+ 3.

+ 11 cumstances still more attentively. 21 +3

+ 11 A good occasion offered on Satur.

+1 + 8 day, January 22. The frost,

+1 + 6 which before this time had again 41

0 + 6 returned, became on this night very 5

1 + 5 keen; and a good deal of the for. 51

+ 6 mer snow yet remaining on the 64

+ 6 ground, the following observations

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0. and experiments were made at the 74

3 + 5 observatory, viz. on Sunday morn. 71

2 + 5 ing January 23, at the several hours 81 + 1 + 7 the two thermometers pointed as in the annexed table.

Exper. 4. This night instead of blowing on the snow, Mr.W. fanned it by means of a sheet of brown paper fitted to the end of a long slender stick. This apparatus was previously cooled by lying on the snow, and in sanning he took care to stand to leeward of the thermometer. The effect was, that the mercury rose nearly to the same degree given by the thermometer in air at the same time.

Erper. 5. At past one o'clock, when the thermometer on the snow pointed to + 3°, it was screened by two sheets of brown paper set up on their edges, and so inclined against each other as to stand. The paper had been previously cooled by lying on the snow. At 2the thermometer thus sheltered pointed to + 9'. This experiment was afterwards repeated with the same event.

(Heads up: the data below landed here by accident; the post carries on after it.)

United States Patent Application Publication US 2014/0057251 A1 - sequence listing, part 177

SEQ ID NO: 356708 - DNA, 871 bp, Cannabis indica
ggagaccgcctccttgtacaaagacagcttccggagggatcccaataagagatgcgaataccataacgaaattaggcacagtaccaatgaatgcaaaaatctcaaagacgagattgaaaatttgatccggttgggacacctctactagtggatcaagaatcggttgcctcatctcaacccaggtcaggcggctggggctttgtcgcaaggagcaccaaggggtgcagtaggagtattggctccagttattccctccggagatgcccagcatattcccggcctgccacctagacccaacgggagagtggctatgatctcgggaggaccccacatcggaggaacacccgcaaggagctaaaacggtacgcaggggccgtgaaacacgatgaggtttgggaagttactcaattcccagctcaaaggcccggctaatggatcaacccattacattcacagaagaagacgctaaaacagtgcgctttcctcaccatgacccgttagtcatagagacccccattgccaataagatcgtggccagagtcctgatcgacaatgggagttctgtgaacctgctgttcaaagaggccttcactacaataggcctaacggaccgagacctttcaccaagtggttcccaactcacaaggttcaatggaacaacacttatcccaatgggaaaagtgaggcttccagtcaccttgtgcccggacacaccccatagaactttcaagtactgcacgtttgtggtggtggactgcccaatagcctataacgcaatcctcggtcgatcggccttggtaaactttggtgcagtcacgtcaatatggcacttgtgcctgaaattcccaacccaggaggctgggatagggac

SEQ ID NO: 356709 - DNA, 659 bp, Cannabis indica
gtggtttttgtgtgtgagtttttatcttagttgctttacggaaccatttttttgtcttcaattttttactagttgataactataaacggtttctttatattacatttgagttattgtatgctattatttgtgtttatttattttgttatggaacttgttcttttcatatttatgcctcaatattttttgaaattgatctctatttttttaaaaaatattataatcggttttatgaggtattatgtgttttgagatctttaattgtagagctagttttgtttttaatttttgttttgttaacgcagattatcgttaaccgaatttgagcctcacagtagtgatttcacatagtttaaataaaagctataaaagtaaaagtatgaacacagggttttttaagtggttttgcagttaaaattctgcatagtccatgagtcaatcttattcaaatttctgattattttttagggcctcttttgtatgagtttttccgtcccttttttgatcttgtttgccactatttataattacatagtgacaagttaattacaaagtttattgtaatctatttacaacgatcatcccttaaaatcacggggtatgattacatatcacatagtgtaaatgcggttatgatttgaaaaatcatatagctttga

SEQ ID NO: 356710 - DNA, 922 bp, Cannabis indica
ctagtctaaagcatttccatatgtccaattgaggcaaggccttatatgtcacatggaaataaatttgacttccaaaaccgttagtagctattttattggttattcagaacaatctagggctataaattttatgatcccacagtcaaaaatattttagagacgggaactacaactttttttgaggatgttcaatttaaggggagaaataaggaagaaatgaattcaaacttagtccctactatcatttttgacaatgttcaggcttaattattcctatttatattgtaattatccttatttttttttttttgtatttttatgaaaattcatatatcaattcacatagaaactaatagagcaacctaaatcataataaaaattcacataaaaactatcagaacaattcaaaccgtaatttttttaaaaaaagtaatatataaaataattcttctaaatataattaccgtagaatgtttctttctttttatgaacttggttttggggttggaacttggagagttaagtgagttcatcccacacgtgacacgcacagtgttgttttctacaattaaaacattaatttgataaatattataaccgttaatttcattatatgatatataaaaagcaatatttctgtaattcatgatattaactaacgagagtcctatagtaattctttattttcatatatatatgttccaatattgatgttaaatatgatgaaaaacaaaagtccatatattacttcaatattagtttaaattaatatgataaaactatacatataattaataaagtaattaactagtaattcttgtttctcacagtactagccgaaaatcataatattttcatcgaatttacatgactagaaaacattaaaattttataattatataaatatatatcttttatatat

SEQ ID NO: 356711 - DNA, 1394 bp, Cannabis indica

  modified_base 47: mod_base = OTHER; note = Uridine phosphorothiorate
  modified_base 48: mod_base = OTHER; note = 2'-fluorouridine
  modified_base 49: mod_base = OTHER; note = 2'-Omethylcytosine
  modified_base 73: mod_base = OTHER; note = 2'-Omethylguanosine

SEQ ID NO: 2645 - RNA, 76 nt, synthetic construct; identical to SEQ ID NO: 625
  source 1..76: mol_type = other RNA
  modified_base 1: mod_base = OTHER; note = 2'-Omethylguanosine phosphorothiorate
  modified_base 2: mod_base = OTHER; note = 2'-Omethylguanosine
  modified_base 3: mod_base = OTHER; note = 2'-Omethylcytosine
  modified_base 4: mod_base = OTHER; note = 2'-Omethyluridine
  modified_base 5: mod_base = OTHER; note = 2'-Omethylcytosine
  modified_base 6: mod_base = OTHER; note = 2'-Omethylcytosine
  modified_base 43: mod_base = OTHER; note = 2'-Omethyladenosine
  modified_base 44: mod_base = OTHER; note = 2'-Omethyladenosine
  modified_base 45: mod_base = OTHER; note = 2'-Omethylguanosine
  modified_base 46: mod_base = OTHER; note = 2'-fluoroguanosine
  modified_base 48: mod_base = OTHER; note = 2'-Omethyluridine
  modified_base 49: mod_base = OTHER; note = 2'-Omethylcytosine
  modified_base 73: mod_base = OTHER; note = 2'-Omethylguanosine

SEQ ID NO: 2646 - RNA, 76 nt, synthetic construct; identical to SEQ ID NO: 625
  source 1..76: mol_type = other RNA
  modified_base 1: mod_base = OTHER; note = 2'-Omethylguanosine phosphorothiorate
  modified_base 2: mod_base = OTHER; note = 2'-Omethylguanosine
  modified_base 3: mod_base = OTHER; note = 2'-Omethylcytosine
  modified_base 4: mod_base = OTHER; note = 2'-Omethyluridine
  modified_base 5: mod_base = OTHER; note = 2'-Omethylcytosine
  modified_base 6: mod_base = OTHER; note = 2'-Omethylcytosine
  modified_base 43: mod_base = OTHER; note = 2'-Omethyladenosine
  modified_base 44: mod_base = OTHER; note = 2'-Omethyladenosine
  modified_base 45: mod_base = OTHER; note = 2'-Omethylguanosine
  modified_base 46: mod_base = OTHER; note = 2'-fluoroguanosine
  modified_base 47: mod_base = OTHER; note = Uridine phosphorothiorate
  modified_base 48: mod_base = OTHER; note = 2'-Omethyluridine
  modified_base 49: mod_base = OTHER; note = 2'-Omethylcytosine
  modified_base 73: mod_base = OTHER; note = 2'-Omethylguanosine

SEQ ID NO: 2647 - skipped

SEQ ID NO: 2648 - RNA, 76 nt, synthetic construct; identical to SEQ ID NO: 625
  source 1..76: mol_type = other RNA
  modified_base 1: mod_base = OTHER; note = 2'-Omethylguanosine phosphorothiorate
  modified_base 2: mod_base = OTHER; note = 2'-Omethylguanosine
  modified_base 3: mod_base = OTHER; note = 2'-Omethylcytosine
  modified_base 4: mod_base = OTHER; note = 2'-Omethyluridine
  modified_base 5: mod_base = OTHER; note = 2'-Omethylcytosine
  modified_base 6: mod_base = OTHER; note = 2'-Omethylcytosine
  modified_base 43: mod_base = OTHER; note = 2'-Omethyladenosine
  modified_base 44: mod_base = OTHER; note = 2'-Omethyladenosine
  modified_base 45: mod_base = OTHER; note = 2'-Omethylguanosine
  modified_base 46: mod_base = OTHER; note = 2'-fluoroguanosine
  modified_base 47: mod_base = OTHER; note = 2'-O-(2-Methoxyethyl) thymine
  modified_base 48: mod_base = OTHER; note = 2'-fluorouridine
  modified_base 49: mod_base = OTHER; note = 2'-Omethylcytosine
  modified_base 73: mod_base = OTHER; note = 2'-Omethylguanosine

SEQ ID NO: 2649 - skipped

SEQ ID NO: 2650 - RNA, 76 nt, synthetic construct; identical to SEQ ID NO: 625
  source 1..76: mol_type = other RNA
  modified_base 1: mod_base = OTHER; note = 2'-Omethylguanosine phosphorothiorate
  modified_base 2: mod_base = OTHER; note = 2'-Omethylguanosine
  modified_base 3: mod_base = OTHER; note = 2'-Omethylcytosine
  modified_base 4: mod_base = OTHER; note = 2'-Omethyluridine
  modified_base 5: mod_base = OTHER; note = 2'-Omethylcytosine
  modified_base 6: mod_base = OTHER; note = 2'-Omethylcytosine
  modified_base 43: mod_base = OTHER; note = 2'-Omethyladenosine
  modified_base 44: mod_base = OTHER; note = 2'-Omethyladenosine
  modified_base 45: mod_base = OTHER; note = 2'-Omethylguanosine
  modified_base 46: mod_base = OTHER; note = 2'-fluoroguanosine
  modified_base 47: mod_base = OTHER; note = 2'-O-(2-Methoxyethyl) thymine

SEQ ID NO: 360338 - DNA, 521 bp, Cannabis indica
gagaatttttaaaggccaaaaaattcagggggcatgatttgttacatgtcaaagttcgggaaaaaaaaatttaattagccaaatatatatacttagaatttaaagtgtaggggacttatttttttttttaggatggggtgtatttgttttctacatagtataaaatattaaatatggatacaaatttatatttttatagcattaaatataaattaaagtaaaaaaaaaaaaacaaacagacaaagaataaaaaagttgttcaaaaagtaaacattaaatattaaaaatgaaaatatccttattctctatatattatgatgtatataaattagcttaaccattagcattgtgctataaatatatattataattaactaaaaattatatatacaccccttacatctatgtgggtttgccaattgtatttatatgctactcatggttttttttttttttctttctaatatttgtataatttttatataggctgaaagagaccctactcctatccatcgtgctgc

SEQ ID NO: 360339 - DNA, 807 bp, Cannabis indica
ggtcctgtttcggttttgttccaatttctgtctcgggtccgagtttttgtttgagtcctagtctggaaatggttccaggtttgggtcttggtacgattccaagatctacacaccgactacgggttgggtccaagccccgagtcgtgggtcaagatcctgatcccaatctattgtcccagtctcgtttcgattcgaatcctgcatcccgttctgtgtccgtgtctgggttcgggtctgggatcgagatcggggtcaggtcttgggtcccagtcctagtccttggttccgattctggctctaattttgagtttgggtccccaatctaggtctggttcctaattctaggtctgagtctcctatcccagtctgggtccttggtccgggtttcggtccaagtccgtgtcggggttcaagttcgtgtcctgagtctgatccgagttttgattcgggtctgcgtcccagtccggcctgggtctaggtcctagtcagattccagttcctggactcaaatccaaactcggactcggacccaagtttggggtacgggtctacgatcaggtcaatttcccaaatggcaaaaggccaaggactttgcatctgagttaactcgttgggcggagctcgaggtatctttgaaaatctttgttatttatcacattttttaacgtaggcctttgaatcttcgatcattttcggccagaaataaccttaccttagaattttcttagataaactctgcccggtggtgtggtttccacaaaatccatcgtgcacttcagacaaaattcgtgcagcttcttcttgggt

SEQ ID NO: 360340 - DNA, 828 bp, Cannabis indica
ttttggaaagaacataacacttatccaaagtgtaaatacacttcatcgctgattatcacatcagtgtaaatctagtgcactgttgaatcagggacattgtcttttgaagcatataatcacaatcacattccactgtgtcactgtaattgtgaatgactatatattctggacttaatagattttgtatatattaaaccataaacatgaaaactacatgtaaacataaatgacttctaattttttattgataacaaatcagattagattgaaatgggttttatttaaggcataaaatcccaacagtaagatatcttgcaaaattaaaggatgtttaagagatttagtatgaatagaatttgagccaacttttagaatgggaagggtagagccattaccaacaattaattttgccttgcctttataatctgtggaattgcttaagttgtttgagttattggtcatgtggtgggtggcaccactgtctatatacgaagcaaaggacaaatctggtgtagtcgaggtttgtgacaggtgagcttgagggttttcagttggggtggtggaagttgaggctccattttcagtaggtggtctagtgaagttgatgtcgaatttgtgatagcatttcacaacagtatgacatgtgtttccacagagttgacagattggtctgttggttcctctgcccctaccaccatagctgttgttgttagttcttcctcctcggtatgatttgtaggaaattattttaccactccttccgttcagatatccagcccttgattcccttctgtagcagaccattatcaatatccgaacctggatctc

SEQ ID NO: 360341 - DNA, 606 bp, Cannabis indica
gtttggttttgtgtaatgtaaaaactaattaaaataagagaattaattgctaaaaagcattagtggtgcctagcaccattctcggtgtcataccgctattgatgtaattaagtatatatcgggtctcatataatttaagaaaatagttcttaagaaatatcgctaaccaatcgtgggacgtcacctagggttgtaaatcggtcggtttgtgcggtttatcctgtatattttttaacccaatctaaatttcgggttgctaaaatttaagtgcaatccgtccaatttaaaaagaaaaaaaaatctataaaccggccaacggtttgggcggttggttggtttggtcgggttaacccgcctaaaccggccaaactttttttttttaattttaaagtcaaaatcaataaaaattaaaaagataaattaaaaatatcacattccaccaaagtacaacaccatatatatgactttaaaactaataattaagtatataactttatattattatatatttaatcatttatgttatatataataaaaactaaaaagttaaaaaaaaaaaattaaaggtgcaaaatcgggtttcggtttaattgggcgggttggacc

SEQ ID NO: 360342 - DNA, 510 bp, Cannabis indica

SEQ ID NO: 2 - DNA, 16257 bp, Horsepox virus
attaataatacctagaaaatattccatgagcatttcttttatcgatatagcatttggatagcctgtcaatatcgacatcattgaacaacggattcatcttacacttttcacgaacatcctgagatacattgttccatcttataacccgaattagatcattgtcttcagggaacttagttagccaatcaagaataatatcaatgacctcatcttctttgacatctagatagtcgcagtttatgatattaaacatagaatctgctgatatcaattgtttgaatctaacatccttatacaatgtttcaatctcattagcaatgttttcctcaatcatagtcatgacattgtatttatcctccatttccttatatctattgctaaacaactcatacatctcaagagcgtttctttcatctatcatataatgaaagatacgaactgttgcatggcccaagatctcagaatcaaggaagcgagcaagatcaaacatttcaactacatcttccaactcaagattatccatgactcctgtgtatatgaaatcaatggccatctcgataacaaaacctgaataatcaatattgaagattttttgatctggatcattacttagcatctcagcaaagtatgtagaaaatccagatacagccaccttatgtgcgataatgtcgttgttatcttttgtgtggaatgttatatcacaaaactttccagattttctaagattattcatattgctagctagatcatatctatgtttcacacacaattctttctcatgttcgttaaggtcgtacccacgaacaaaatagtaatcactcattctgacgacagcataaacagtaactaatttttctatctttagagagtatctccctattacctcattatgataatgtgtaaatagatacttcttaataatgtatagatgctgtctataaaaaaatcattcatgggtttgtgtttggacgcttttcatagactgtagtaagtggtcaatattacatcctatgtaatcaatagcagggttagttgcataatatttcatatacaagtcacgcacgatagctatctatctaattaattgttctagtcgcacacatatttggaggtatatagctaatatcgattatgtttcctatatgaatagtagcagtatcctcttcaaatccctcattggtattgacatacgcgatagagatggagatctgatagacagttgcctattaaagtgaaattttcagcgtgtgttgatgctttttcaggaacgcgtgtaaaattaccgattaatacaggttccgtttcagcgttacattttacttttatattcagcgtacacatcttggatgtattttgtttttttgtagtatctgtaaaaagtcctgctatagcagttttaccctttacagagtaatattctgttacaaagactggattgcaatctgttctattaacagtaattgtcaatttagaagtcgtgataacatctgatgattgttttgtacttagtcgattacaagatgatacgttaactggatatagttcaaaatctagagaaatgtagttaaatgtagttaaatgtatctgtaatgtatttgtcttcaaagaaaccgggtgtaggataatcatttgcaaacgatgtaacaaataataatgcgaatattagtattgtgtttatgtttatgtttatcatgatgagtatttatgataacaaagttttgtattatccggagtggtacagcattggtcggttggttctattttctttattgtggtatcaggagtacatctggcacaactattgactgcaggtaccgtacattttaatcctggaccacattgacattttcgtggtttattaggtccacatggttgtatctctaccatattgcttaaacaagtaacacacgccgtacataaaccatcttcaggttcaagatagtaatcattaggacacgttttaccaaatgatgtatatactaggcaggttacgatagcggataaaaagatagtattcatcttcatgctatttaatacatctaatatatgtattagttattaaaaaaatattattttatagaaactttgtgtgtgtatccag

Erper. 6. Mr.W. next went up to the leads of the east wing of the observatory. Here he hung a thermometer to the hook of a long pole, 'and raised it in the air about twenty-four feet from the ground, and at the same time inclined the pole over the ballustrade, so as to put the instrument fully to windward of the house. On suddenly lowering the pole, after half an hour, and examining the